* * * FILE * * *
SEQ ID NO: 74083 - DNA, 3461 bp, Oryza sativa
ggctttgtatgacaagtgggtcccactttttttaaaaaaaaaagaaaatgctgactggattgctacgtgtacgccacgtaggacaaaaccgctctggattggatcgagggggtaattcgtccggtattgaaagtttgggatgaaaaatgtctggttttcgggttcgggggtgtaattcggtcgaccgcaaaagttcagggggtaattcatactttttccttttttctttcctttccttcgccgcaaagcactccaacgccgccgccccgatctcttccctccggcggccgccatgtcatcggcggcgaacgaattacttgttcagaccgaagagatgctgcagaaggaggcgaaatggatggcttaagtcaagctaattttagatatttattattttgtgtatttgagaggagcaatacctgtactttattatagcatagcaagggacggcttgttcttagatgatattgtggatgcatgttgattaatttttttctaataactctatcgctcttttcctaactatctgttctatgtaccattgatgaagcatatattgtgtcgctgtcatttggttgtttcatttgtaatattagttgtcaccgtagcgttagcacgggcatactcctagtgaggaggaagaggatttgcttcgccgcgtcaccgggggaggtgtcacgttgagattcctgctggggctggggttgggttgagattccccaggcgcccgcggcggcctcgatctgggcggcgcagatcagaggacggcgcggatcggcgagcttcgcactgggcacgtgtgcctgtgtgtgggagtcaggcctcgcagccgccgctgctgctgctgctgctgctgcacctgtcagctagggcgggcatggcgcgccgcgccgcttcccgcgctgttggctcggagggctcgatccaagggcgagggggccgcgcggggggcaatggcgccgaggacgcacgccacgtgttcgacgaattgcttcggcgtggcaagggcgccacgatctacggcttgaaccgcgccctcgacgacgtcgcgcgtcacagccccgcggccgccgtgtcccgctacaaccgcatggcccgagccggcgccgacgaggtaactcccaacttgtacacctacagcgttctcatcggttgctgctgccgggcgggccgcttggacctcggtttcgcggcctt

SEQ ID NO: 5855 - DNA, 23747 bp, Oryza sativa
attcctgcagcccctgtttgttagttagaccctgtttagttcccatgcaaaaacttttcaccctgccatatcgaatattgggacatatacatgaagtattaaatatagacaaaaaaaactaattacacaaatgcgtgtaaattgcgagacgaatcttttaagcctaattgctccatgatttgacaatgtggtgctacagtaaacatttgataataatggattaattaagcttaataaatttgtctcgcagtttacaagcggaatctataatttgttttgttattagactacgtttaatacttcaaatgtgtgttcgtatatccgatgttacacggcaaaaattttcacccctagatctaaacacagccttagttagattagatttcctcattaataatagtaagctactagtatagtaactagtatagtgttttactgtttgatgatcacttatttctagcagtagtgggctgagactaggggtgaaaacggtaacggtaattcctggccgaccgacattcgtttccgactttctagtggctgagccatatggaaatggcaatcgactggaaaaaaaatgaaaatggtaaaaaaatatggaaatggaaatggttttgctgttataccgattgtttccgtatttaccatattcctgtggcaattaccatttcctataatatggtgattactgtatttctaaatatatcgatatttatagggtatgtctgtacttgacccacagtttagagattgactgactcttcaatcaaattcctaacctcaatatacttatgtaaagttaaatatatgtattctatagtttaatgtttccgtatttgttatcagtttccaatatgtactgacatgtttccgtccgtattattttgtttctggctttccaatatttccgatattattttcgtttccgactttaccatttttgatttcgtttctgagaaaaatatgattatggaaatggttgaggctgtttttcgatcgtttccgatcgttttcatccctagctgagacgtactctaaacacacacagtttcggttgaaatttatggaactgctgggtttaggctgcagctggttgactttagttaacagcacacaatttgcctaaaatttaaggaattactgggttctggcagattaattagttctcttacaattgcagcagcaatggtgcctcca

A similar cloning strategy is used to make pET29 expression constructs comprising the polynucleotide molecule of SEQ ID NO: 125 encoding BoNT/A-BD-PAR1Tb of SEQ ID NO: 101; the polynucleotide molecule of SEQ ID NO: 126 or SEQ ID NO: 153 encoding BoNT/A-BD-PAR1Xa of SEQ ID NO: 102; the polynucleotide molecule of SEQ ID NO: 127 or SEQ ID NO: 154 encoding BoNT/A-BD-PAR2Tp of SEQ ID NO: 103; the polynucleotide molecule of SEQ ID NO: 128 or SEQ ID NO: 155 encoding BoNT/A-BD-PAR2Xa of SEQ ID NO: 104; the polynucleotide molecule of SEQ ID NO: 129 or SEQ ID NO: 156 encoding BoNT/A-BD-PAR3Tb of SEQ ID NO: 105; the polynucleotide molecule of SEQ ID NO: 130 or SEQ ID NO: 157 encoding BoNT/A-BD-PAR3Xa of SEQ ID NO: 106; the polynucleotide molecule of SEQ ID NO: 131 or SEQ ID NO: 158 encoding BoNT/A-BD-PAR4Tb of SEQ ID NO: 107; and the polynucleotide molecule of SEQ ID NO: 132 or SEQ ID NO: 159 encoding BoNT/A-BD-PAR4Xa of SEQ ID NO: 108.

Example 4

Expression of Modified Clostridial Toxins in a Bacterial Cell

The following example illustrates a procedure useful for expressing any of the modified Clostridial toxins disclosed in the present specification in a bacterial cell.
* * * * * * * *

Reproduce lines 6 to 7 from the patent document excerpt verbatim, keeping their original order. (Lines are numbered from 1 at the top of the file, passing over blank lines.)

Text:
Example 4

Expression of Modified Clostridial Toxins in a Bacterial Cell